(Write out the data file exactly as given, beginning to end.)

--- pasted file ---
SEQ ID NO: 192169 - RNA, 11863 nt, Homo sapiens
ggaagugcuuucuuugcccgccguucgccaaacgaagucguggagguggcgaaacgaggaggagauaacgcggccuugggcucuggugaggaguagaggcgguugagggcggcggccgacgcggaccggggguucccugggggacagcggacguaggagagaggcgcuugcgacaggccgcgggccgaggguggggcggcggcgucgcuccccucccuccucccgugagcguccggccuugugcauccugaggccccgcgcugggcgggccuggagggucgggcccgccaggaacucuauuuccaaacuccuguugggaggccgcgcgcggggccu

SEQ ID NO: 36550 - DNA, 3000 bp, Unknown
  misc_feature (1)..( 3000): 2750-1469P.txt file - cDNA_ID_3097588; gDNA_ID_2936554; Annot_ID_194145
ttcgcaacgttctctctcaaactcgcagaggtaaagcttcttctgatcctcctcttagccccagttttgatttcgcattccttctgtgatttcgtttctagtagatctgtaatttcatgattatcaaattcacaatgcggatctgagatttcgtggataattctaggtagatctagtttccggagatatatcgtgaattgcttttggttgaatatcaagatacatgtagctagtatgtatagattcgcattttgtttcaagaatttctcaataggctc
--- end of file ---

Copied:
SEQ ID NO: 192169 - RNA, 11863 nt, Homo sapiens
ggaagugcuuucuuugcccgccguucgccaaacgaagucguggagguggcgaaacgaggaggagauaacgcggccuugggcucuggugaggaguagaggcgguugagggcggcggccgacgcggaccggggguucccugggggacagcggacguaggagagaggcgcuugcgacaggccgcgggccgaggguggggcggcggcgucgcuccccucccuccucccgugagcguccggccuugugcauccugaggccccgcgcugggcgggccuggagggucgggcccgccaggaacucuauuuccaaacuccuguugggaggccgcgcgcggggccu

SEQ ID NO: 36550 - DNA, 3000 bp, Unknown
  misc_feature (1)..( 3000): 2750-1469P.txt file - cDNA_ID_3097588; gDNA_ID_2936554; Annot_ID_194145
ttcgcaacgttctctctcaaactcgcagaggtaaagcttcttctgatcctcctcttagccccagttttgatttcgcattccttctgtgatttcgtttctagtagatctgtaatttcatgattatcaaattcacaatgcggatctgagatttcgtggataattctaggtagatctagtttccggagatatatcgtgaattgcttttggttgaatatcaagatacatgtagctagtatgtatagattcgcattttgtttcaagaatttctcaataggctc